The White House counterterror chief said Friday that despite U.S.-Yemeni relations fraught with debate and tension, the two sides are ratcheting up efforts to capture or kill militants.

John Brennan said he and Yemeni president Ali Abdullah Saleh have had what he called "animated conversations" at times over U.S. frustrations with Yemeni foot-dragging in counterterrorism and Yemen's complaints that promised U.S. aid isn't arriving fast enough.

"But that is the hallmark of true friendship," Brennan said, in remarks about U.S. policy toward Yemen delivered at the Carnegie Endowment for International Peace. "Not telling the other what they want to hear, but telling the other what they need to hear."

Brennan's attempt to reassure the U.S. public that Yemen is cooperating in the hunt for al-Qaida comes just a day after U.S. officials said they had intelligence indicating al-Qaida's Yemen offshoot is planning another attack over the holidays. The faction is blamed for a failed attempt to bring down a Detroit-bound airliner last Christmas and more recently for trying to bring down two U.S.-bound cargo planes with printer cartridges packed with explosives.

The most recent intelligence indicates that this time Europe is the target, the U.S. officials say. They spoke on condition of anonymity to discuss security matters.

Four CIA employees narrowly escaped harm when militants tried to bomb their vehicle Wednesday in Yemen's capital Sanaa, said one official who spoke on the condition of anonymity because details about the incident remain secret. The official said there was "no indication that the perpetrators knew specifically who they were targeting."

The U.S. has struggled to balance public praise of cooperation by Yemen's president with private laments that Saleh uses negotiations to milk more money or equipment out of the Americans.

That frustration was detailed in the recent disclosure of classified U.S. cables by WikiLeaks, revealing conversations in which Saleh trades cooperation in return for funding or military aid. The cables include an account of a Sept. 6, 2009, meeting in which Brennan and Saleh sparred over American pressure for a more aggressive counterterror campaign.

Brennan would only say publicly that he had apologized personally to Saleh for the WikiLeaks disclosures, a day before they were made public in the international press. He told Saleh "we deeply regretted the public release of purported diplomatic correspondence that resulted from despicable criminal activity."

In one cable, referring to a Dec. 2009 U.S. cruise missile strike on an al-Qaida camp in Yemen, Saleh tells U.S. officials his government will pretend the missiles were fired by Yemen. One of his subordinates in the meeting jokes that they will lie publicly to the Yemeni parliament to that effect.

Two U.S. officials familiar with counterterrorist operations say despite the WikiLeaks embarrassment, planning continues for joint U.S.-Yemen action against al-Qaida targets inside Yemeni territory. The officials insisted on anonymity to discuss classified operations.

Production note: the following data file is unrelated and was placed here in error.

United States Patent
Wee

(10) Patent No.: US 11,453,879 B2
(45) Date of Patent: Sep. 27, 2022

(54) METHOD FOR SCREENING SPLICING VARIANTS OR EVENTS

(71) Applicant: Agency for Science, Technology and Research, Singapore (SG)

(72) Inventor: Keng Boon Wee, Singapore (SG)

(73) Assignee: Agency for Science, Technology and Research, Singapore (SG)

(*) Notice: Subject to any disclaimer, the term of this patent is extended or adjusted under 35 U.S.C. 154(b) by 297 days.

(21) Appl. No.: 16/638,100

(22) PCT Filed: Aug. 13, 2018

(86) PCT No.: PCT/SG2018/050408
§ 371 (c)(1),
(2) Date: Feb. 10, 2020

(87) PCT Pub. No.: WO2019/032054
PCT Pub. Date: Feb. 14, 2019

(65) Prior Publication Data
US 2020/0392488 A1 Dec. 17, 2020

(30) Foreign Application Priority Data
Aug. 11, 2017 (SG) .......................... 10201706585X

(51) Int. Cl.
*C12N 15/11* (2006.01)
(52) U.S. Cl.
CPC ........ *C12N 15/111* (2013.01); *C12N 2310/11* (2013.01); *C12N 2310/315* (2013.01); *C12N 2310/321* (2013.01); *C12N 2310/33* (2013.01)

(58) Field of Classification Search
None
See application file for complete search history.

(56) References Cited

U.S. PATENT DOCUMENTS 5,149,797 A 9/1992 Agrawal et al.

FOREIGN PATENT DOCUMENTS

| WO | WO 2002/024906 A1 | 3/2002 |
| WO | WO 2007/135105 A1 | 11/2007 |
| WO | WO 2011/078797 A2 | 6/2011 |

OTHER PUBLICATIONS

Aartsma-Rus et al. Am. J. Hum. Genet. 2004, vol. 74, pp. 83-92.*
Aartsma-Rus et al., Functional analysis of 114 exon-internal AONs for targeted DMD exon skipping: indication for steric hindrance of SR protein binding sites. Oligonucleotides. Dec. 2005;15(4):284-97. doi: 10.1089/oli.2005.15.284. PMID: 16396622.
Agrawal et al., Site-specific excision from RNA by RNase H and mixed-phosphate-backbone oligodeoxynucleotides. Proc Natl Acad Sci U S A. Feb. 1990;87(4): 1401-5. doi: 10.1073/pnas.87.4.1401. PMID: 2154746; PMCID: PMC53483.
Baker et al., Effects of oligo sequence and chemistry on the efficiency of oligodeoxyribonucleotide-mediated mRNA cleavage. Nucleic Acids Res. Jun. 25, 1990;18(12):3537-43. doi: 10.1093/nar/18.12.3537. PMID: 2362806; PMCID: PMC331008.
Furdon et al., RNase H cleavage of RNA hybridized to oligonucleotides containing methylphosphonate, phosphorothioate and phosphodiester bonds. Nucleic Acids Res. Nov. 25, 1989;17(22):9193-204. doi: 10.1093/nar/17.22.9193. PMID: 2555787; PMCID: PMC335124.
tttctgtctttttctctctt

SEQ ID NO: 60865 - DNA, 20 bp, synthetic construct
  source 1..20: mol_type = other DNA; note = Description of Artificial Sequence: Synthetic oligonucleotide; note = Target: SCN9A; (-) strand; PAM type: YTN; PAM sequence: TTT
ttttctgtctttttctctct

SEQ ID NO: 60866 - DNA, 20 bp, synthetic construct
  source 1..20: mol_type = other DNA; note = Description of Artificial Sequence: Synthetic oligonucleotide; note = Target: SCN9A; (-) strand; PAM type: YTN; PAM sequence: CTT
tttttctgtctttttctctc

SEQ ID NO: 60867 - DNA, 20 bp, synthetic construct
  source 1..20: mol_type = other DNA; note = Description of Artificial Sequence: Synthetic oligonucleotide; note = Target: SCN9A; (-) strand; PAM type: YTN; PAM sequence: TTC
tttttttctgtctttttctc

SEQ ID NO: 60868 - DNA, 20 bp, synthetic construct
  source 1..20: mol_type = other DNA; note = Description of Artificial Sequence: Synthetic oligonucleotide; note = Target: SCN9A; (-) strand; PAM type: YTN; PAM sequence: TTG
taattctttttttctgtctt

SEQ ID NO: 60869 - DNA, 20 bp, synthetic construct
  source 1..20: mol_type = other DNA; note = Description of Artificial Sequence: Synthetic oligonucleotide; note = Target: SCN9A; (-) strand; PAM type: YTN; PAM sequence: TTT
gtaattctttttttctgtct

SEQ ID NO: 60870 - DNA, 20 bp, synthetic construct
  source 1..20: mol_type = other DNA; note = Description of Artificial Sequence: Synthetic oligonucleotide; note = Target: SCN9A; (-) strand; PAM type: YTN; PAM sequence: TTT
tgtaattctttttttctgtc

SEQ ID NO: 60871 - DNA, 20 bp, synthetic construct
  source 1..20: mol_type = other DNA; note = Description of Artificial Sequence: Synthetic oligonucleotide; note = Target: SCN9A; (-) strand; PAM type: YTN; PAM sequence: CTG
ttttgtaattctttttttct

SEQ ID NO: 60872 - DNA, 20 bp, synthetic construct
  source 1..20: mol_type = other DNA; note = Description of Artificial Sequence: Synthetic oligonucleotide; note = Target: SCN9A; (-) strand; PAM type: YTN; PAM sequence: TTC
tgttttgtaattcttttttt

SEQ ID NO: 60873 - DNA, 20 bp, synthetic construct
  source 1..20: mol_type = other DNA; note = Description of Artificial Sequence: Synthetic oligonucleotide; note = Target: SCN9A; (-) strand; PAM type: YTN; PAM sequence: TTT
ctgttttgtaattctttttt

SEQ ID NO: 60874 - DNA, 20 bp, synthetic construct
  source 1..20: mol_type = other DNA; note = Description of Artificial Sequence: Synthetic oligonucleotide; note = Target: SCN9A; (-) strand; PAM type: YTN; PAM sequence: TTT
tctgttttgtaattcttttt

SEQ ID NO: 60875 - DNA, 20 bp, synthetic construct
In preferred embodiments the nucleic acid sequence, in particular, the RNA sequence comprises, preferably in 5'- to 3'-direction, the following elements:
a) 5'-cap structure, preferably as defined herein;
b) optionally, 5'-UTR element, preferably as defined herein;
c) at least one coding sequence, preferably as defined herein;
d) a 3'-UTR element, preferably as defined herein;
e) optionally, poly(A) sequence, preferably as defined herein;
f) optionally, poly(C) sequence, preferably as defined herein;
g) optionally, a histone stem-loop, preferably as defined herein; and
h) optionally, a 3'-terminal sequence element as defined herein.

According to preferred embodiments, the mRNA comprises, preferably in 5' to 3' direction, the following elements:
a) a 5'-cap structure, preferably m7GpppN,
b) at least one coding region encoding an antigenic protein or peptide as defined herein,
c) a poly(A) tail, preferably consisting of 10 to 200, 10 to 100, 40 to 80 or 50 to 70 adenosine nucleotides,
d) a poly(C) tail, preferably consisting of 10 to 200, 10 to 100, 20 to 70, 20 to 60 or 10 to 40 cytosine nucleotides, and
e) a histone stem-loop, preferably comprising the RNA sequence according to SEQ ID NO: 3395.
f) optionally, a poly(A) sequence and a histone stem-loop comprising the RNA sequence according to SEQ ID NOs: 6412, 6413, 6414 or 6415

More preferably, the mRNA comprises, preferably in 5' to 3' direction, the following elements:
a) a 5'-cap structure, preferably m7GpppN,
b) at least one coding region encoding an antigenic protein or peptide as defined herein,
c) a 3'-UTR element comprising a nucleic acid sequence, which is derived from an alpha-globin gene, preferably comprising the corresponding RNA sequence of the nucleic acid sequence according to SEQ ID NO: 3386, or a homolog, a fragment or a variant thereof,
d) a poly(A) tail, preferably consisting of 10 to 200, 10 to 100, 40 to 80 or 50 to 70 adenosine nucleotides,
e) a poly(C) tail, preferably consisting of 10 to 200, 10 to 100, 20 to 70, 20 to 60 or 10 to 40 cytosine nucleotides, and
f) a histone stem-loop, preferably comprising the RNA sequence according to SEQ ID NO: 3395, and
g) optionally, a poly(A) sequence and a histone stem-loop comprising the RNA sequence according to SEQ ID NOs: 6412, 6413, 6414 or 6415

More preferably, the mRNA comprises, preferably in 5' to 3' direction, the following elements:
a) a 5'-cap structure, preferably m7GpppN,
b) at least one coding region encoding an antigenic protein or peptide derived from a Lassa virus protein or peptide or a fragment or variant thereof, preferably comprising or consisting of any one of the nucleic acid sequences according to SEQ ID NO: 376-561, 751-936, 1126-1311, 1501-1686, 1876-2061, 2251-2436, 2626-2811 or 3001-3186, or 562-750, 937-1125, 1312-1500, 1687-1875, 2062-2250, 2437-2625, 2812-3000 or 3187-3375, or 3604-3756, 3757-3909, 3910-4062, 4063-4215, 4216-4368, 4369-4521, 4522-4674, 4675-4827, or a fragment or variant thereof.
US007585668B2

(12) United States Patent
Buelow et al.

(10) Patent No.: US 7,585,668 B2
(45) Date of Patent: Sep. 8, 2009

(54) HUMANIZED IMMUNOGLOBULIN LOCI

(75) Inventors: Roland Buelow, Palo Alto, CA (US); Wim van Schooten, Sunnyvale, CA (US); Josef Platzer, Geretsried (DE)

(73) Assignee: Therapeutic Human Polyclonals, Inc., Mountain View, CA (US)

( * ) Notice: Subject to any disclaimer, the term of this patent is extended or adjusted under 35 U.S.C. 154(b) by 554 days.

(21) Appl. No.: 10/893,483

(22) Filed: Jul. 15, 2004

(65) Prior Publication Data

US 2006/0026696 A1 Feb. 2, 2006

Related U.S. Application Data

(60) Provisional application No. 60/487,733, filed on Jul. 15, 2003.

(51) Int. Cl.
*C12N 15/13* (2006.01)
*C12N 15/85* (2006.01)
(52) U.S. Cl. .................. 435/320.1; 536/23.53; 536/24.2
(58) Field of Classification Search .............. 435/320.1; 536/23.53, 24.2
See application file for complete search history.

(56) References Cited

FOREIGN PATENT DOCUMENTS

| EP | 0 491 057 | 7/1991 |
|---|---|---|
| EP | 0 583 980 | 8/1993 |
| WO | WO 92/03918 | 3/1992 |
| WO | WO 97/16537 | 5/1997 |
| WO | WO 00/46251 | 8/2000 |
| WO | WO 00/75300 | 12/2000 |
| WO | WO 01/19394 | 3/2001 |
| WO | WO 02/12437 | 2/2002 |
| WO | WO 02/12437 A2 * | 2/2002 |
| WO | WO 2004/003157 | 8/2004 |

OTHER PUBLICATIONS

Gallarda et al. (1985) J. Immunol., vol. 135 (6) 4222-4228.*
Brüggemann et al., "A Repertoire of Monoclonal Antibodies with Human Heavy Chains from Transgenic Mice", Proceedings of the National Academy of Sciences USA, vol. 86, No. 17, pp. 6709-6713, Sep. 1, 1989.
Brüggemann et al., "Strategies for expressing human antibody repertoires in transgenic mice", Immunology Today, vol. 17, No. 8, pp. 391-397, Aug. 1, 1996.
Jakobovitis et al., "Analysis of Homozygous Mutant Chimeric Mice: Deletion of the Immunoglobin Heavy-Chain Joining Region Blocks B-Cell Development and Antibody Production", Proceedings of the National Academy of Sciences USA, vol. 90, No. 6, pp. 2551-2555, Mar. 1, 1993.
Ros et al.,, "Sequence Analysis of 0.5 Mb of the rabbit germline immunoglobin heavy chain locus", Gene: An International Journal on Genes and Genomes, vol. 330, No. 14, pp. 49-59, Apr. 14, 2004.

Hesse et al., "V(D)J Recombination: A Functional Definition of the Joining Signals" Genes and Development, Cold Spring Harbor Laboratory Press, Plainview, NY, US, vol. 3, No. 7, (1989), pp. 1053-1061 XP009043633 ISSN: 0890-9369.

Such action could include the use of U.S. special operations teams working with Yemeni counterterrorist forces, and armed Predator or Reaper drones, which are currently flown from Djibouti or other locations in the region.

Yemeni officials have expressed a preference for the use of drones to U.S. special operations missions on the ground, even when those forces work closely with Yemeni troops. The Yemenis complain that U.S. manned missions produce "too many civilian casualties," said one Yemeni official, who insisted on anonymity to discuss sensitive strategic relations.

The official would not confirm the use of U.S. teams or drones in any future actions. The U.S. military special operations forces, together with the CIA, share intelligence on the ground with Yemen, from the satellite and unmanned platform feeds from craft Yemen allows the U.S. to fly over some parts of the country.

Senior administration officials have griped, however, that Yemeni counterterrorist forces are often slow to share human intelligence they glean from the tribal territories where al-Qaida militants are thought to be sheltering. The officials add that Yemen is often reluctant to allow U.S. intelligence officials to question militant suspects captured in those territories.

Brennan stressed that the U.S. approach to battling terrorism in Yemen goes beyond the military, but includes efforts to encourage and fund reform in Yemen's economy and system of government. Brennan said the U.S. has poured in funding and expertise to teach the Yemeni government how to provide services to the struggling population.


Associated Press Writers Adam Goldman and Matt Apuzzo contributed to this story.